Racism in France: It’s Not About Skin Color

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In keeping with our current issue of the week, we’re reposting this article as an essential reader on race in France. The original article was published on February 11th, 2015.

When French Prime Minister Manuel Valls referred to an apartheid situation in France on January 20th 2015, it may have looked to some Americans like France was about to address institutional racial discrimination. A New York Times article quickly followed up with a question: does this mean that France is going to start keeping race-based statistics as a precursor to anti-discrimination policy?

Here in the US there is a well-established and accepted link between skin-color and success. But what do the terms “white privilege,” “racial discrimination,” and “apartheid” mean to French people? Who are the minorities of France and in what venues are they assimilated and in what situations do they struggle for acceptance?

To decode the differences, French Morning caught up with TV5 Monde Senior Editor Slimane Zeghidour after he gave a talk on French media coverage of the Middle East at the Alliance Française in Beverly Hills.

Over a strong coffee at 11pm, he showed us a 2012 polaroid of himself with slain Charlie Hebdo cartoonist Wolinski. “I felt it,” the veteran journalist said of the attack. “Over my whole career I was always able to distance myself from the horrors I witnessed. But this was different. I felt the pain of it in my body.” He also made a surprising assertion: racism in France, he said, is not based on skin color.

French Morning: I would like to help Americans understand how racism in France is different than racism here in the US.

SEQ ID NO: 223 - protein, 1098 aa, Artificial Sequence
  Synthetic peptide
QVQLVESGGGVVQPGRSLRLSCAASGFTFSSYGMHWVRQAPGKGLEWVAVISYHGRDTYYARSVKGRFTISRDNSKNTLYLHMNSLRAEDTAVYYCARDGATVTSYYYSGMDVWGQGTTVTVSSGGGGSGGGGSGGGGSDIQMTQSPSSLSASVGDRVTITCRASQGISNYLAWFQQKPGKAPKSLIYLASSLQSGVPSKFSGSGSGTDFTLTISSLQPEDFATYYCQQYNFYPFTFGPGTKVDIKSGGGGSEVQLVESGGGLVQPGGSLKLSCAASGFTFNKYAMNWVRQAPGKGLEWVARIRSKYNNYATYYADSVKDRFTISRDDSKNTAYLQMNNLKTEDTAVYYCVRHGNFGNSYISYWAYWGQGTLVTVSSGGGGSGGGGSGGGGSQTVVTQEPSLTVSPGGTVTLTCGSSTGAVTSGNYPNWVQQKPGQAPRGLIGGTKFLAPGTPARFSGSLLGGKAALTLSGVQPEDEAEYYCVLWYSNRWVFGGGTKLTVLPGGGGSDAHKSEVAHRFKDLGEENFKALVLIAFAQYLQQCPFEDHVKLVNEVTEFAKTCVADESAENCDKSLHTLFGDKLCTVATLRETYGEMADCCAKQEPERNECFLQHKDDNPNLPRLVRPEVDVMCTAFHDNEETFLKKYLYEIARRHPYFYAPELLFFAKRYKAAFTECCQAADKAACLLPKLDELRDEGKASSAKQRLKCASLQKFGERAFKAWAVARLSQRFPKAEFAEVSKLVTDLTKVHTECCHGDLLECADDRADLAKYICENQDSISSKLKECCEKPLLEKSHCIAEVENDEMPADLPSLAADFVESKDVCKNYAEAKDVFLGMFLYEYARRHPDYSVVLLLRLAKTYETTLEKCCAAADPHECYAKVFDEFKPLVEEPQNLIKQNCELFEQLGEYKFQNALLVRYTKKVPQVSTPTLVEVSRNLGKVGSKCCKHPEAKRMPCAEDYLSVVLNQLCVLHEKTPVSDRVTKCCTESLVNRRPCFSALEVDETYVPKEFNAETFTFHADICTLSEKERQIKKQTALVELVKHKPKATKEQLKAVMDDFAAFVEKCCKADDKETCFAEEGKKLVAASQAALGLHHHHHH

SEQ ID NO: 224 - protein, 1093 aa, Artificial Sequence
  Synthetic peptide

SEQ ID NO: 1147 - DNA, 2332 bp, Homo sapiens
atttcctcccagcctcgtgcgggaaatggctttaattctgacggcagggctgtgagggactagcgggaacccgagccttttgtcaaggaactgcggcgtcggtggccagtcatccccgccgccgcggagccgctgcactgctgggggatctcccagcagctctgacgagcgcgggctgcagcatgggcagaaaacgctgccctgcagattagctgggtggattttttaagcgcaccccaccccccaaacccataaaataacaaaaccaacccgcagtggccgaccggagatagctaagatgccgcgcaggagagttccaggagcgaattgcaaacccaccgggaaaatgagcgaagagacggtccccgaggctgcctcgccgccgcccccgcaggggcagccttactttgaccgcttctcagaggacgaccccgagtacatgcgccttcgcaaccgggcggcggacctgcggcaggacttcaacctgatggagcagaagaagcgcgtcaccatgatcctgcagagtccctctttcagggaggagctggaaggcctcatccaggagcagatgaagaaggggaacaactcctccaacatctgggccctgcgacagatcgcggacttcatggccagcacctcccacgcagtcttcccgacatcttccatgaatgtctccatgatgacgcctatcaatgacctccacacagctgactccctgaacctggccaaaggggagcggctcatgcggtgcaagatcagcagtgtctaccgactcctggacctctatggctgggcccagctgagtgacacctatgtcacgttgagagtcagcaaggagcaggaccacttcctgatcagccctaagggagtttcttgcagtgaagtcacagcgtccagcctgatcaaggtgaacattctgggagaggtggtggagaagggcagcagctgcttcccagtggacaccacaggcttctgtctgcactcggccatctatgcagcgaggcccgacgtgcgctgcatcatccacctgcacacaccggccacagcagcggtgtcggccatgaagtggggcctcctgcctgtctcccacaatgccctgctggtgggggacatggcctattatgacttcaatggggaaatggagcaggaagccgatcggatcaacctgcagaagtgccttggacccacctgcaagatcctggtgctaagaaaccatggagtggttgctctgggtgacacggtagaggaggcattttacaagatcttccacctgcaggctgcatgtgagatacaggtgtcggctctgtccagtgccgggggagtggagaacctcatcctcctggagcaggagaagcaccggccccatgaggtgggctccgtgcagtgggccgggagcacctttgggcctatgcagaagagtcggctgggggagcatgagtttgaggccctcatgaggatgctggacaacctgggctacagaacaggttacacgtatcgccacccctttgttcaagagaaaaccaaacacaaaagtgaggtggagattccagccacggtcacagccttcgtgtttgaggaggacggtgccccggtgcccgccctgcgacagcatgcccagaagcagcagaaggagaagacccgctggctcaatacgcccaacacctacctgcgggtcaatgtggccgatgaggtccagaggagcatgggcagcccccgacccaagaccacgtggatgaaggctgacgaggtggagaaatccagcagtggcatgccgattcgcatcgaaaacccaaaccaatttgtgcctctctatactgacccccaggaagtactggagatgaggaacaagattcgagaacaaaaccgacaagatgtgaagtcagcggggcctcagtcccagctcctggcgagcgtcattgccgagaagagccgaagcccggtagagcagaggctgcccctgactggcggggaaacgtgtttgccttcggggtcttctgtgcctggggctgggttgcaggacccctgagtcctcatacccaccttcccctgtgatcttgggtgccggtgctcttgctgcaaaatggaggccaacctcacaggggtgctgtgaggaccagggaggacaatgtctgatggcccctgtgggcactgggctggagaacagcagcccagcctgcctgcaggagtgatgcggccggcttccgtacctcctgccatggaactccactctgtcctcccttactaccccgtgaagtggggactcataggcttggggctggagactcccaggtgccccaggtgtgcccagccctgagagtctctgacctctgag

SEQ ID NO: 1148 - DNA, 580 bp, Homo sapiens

Slimane Zeghidour: In France there is no racism based on skin color. To see evidence of this you only have to look at the streets of France where you’ll see more mixed-race couples than in New York or Rio de Janeiro. Before being black or Arab, foreigners or the children of immigrants from Maghreb or Africa are formerly colonized peoples, people who’ve been submitted to a double-standard of law and justice dating back as far as 132 years ago for Algerians. It leaves deep marks, but not purely negative ones. It ranges from exasperation to admiration with hate, fear, defiance but also intimacy, love and marriage. Last year the French film that won the Palme d’Or at Cannes was directed by a French man of Tunisian origin. The highest French literary prize — le prix Goncourt — was almost won by an Algerian, Kamel Daoud.

If there is no racial discrimination based on skin color, where does the notion of apartheid come from?

Slimane Zeghidour: Even if there is very little or no racial prejudice, there is a very strong prejudice of class that is translated to a stigmatization of people living on the outskirts of big cities and who in large part are immigrants or the children of immigrants from Maghreb or Africa. But white people who live in these places are not better off.

Do you think there is a link between ethnicity and disenfranchisement in France?

Slimane Zeghidour: Given the cloistered nature of the functioning of the French elite which remains white and male, it’s still very difficult for a French person born to Arab, African, Turkish or Portuguese parents to break into their ranks, whatever his or her talent or level of study. This creates enormous frustration and a sense of injustice.